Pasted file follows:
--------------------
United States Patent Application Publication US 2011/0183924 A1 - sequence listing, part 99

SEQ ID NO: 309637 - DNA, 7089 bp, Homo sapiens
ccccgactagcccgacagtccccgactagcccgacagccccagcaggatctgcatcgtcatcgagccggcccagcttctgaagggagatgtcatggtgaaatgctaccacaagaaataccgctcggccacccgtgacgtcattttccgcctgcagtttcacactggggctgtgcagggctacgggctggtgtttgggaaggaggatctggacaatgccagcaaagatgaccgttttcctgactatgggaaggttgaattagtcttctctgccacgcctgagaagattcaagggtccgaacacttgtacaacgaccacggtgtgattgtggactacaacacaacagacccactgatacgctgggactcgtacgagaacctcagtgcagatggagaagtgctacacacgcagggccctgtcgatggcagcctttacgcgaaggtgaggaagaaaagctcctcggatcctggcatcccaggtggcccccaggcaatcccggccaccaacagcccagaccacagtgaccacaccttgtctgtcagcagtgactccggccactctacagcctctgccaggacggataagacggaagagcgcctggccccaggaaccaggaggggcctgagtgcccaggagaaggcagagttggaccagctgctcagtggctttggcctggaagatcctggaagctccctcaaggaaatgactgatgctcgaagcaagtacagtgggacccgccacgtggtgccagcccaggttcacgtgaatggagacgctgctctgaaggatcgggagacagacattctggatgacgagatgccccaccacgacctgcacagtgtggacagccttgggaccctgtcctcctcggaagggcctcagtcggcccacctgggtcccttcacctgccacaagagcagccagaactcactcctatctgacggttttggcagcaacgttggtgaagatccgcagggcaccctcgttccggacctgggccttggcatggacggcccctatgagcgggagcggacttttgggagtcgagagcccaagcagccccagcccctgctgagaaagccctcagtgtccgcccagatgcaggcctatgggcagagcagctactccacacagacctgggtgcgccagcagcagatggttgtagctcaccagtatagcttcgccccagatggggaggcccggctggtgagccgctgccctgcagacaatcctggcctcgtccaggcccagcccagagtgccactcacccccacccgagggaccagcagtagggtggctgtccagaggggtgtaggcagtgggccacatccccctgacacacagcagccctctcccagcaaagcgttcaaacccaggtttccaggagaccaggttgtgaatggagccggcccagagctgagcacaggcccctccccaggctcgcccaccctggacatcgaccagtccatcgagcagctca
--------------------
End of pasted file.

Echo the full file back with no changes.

United States Patent Application Publication US 2011/0183924 A1 - sequence listing, part 99

SEQ ID NO: 309637 - DNA, 7089 bp, Homo sapiens
ccccgactagcccgacagtccccgactagcccgacagccccagcaggatctgcatcgtcatcgagccggcccagcttctgaagggagatgtcatggtgaaatgctaccacaagaaataccgctcggccacccgtgacgtcattttccgcctgcagtttcacactggggctgtgcagggctacgggctggtgtttgggaaggaggatctggacaatgccagcaaagatgaccgttttcctgactatgggaaggttgaattagtcttctctgccacgcctgagaagattcaagggtccgaacacttgtacaacgaccacggtgtgattgtggactacaacacaacagacccactgatacgctgggactcgtacgagaacctcagtgcagatggagaagtgctacacacgcagggccctgtcgatggcagcctttacgcgaaggtgaggaagaaaagctcctcggatcctggcatcccaggtggcccccaggcaatcccggccaccaacagcccagaccacagtgaccacaccttgtctgtcagcagtgactccggccactctacagcctctgccaggacggataagacggaagagcgcctggccccaggaaccaggaggggcctgagtgcccaggagaaggcagagttggaccagctgctcagtggctttggcctggaagatcctggaagctccctcaaggaaatgactgatgctcgaagcaagtacagtgggacccgccacgtggtgccagcccaggttcacgtgaatggagacgctgctctgaaggatcgggagacagacattctggatgacgagatgccccaccacgacctgcacagtgtggacagccttgggaccctgtcctcctcggaagggcctcagtcggcccacctgggtcccttcacctgccacaagagcagccagaactcactcctatctgacggttttggcagcaacgttggtgaagatccgcagggcaccctcgttccggacctgggccttggcatggacggcccctatgagcgggagcggacttttgggagtcgagagcccaagcagccccagcccctgctgagaaagccctcagtgtccgcccagatgcaggcctatgggcagagcagctactccacacagacctgggtgcgccagcagcagatggttgtagctcaccagtatagcttcgccccagatggggaggcccggctggtgagccgctgccctgcagacaatcctggcctcgtccaggcccagcccagagtgccactcacccccacccgagggaccagcagtagggtggctgtccagaggggtgtaggcagtgggccacatccccctgacacacagcagccctctcccagcaaagcgttcaaacccaggtttccaggagaccaggttgtgaatggagccggcccagagctgagcacaggcccctccccaggctcgcccaccctggacatcgaccagtccatcgagcagctca